By Eric Wheeler

(Originally published in 2006)

This morning I was thinking about Jesus. A different Jesus than the one that is commonly known throughout the world today. A different Jesus than the one that is talked about in many Christian churches. A Jesus that is not the flashy speaker, the soft-spoken preacher, or the gentle healer that the masses love. This Jesus is not the cute and cuddly little baby that you see portrayed in the Nativity scenes.
No, the Jesus that I was thinking of is not popular. He is not accepted by the people. He is not polished or entertaining. His messages are divisive, and at times, hurtful. His words are socially-unacceptable and politically incorrect. This Jesus preaches without notes or lengthy introductions. He isn’t invited to speak to special interest groups or fundraisers. He doesn’t teach at seminaries or colleges. He doesn’t hold any degrees or doctorates. He doesn’t serve on any boards or counsels. He does not solicit money or ask for donations. He does not hold conferences or seminars, or sell merchandise that supports or promotes his ministry. He isn’t on TV and doesn’t have a book on the New York Times Best Sellers list. He isn’t rich or well-dressed. He hangs out with the wrong people. He drinks alcohol. And he isn’t welcome in most churches. I am not thinking about the Jesus that most people are familiar with. No, I am thinking of a different Jesus. A Jesus that the world doesn’t know. A Jesus who was rejected by His own people. A Jesus that was thrown out of the churches He attended. A Jesus who was forsaken by His close friends. A Jesus who was despised by the religious, hated by the successful, and betrayed by the populace. A Jesus who was considered a rebel, a dissident, a heretic, a drunkard, and a bastard. This is the Jesus that I was thinking of. The Jesus of the Bible. Many don’t realize it, but the Jesus of the Bible did not create a huge following that He delighted in. He didn’t exploit nor peddle the “emotional euphoria” that His miracles created in and among the people. He wasn’t interested in large numbers of converts joining Him or His church. He didn’t want the masses understanding His messages or His parables. According to His own lips, His messages were specifically designed to confuse and confound the people, not enlighten them. He didn’t tell the people to go to church or to synagogue. He wasn’t a lobbyist for charitable organizations or a proponent of special tax cuts. He didn’t boycott businesses or use political clout to try to manipulate government policy. No, the Jesus that I am thinking of is not a popular figure or charismatic performer. He does not enjoy seeing His name in lights or on billboards or bumper stickers, as a cheap evangelistic reminder to the world that His name and His existence are of value. The Jesus that I know is not a mild-mannered, syrupy, missionary-type that stands with outstretched arms beckoning to the masses to “just come unto Me and I will accept you as you are”. He is not the Jesus that instructs His followers to simply repeat a smoothly-orchestrated prayer designed to liberate them from sin and then usher them into eternal bliss. My Jesus, the one found written of in the Bible, is none of these things.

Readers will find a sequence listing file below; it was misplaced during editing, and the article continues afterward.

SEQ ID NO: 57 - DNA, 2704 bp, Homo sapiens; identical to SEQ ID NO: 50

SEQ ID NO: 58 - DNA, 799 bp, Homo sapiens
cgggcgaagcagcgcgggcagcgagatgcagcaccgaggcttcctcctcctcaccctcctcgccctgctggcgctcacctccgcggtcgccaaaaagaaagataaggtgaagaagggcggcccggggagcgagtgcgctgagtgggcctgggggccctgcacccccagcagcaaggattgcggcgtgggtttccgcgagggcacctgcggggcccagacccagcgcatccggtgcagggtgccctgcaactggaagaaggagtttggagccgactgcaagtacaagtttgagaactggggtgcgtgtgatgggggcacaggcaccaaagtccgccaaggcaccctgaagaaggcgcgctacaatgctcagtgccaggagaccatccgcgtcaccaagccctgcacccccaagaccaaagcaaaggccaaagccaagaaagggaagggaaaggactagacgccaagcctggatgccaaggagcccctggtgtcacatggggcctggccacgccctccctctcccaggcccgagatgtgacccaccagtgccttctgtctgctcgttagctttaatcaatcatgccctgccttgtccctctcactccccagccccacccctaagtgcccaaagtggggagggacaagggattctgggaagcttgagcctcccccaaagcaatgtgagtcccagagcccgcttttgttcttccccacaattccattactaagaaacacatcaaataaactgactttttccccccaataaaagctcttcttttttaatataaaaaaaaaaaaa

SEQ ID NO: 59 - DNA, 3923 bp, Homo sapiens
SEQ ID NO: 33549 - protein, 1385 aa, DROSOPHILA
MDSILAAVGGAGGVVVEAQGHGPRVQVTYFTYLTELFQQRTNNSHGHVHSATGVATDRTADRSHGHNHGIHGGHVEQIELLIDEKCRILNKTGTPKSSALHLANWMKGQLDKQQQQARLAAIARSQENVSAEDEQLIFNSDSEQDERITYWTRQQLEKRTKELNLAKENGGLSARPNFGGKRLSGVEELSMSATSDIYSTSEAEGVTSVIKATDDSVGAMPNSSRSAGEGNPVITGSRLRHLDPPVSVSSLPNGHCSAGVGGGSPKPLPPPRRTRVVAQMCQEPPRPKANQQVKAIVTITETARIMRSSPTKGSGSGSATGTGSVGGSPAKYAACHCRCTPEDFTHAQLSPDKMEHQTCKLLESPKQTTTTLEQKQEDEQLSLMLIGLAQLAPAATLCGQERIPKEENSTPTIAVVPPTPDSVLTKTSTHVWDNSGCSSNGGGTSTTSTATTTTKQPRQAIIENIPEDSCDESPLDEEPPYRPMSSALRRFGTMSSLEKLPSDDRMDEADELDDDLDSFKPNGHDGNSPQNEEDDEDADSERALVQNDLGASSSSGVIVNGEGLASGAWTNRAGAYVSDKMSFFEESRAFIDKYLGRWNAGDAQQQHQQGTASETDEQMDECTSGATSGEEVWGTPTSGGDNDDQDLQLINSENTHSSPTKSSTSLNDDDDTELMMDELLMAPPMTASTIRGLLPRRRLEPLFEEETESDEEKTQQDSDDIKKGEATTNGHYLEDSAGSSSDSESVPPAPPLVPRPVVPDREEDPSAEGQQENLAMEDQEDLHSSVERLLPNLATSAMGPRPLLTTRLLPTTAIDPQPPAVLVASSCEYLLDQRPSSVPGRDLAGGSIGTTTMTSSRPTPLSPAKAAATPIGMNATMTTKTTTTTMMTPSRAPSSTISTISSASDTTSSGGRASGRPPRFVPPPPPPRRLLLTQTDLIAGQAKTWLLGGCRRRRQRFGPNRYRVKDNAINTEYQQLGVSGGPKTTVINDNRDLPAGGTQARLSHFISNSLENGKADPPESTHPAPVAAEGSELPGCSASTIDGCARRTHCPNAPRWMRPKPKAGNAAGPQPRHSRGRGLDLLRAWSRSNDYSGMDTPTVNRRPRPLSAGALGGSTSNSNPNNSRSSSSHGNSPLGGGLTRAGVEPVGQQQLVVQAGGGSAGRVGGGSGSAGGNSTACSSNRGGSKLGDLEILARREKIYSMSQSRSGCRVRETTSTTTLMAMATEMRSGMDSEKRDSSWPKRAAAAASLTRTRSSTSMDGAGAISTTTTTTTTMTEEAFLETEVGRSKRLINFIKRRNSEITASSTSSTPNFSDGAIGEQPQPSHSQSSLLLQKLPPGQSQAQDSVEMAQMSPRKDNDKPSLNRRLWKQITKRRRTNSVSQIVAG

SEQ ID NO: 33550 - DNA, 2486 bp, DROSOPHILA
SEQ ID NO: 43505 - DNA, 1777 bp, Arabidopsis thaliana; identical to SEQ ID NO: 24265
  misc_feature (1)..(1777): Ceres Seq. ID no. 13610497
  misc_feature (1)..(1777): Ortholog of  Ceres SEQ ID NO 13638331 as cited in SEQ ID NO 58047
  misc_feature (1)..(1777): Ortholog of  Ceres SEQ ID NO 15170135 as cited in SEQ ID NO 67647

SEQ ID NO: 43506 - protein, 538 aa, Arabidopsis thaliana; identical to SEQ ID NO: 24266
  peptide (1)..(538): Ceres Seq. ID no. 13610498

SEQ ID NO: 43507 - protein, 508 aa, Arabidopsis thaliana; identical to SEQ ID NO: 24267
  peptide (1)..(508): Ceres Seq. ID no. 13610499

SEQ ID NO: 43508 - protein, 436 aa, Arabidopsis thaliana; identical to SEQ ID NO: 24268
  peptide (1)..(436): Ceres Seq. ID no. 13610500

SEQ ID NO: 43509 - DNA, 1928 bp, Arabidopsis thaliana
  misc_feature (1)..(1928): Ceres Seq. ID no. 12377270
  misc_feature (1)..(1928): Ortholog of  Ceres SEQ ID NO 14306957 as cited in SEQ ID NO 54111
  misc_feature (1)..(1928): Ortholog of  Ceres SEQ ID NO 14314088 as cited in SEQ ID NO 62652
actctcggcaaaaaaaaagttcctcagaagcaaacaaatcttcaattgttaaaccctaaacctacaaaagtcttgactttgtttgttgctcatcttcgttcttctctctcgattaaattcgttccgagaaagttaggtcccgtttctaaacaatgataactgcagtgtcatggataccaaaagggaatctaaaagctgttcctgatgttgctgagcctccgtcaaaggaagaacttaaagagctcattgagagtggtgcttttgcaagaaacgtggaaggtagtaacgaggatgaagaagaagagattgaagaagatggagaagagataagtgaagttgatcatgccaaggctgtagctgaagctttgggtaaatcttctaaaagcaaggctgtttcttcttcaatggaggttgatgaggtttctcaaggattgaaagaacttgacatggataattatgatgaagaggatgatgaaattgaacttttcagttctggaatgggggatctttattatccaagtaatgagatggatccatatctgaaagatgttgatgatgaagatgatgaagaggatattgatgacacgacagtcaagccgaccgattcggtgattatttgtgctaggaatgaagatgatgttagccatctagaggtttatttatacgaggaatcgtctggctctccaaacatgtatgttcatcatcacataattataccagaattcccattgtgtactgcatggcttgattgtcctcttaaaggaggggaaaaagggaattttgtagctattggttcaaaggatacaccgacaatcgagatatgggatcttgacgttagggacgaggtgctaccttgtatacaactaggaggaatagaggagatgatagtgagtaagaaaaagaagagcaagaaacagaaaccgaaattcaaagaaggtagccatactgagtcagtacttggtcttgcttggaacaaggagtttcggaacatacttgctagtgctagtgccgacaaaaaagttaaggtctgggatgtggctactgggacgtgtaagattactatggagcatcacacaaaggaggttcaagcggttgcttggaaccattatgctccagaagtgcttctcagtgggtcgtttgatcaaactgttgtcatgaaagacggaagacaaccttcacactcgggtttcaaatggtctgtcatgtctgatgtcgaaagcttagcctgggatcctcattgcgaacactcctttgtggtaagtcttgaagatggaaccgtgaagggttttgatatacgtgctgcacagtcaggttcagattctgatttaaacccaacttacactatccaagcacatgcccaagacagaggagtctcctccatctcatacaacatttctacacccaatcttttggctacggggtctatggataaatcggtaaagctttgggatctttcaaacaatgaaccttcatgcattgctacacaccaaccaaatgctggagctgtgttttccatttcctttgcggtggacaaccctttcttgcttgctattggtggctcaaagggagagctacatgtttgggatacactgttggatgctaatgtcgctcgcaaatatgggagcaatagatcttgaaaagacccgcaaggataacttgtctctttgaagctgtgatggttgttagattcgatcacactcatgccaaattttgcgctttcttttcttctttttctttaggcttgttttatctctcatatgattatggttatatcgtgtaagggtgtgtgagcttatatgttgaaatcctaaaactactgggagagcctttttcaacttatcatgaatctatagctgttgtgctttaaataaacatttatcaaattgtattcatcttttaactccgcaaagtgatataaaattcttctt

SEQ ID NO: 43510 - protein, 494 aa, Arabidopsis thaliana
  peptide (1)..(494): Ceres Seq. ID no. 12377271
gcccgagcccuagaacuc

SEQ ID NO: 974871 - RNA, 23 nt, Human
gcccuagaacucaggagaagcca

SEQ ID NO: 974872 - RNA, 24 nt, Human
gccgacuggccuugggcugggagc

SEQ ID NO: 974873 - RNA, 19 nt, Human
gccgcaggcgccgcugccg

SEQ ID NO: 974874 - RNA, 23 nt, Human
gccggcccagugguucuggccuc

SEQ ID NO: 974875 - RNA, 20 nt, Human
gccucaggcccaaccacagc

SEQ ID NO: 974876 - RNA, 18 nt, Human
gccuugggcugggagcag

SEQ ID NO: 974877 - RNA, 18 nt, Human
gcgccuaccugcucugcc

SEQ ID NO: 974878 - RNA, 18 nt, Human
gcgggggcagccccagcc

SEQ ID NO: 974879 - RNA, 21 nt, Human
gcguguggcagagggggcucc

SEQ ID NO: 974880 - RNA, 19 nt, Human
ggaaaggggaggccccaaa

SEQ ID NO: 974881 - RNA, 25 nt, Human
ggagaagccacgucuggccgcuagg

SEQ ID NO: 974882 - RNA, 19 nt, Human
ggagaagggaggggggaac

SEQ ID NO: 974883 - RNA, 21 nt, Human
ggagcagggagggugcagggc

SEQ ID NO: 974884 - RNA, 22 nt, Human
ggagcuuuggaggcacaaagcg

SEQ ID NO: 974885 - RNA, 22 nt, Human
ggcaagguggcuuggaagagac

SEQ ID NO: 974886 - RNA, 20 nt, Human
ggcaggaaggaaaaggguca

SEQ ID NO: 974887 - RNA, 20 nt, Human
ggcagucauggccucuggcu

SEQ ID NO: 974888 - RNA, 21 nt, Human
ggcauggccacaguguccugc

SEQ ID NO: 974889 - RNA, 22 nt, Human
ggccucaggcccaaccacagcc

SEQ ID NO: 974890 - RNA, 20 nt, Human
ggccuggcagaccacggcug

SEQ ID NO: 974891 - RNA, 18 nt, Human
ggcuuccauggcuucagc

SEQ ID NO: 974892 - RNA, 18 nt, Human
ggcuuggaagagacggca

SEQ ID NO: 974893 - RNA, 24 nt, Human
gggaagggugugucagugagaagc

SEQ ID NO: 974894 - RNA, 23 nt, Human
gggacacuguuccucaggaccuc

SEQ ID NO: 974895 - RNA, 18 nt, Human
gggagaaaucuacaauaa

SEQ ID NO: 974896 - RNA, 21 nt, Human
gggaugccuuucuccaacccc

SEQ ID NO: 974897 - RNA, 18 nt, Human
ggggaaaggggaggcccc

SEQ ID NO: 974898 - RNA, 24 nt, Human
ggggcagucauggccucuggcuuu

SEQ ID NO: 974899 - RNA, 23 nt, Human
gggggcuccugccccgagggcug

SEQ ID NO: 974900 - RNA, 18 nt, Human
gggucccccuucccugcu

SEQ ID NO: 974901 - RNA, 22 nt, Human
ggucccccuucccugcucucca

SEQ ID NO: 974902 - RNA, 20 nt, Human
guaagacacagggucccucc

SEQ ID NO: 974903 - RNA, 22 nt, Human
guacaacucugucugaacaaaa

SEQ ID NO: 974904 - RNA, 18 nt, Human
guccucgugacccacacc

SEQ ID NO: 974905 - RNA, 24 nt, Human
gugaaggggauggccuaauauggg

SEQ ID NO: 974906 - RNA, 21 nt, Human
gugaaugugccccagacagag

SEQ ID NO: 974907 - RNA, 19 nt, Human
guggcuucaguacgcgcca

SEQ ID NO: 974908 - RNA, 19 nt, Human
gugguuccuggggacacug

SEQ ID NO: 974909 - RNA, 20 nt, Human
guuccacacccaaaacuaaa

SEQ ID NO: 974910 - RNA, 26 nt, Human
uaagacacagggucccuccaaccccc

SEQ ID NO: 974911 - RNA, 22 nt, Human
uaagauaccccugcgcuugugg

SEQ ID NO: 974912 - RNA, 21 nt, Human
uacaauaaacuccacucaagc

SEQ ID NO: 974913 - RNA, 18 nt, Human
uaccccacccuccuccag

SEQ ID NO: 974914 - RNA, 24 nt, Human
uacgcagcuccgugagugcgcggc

Instead, the Jesus of the Bible:

  • told His followers that in order for them to truly be one of His disciples they must “deny themselves and pick-up their crosses and follow Him” (Matt.16:24).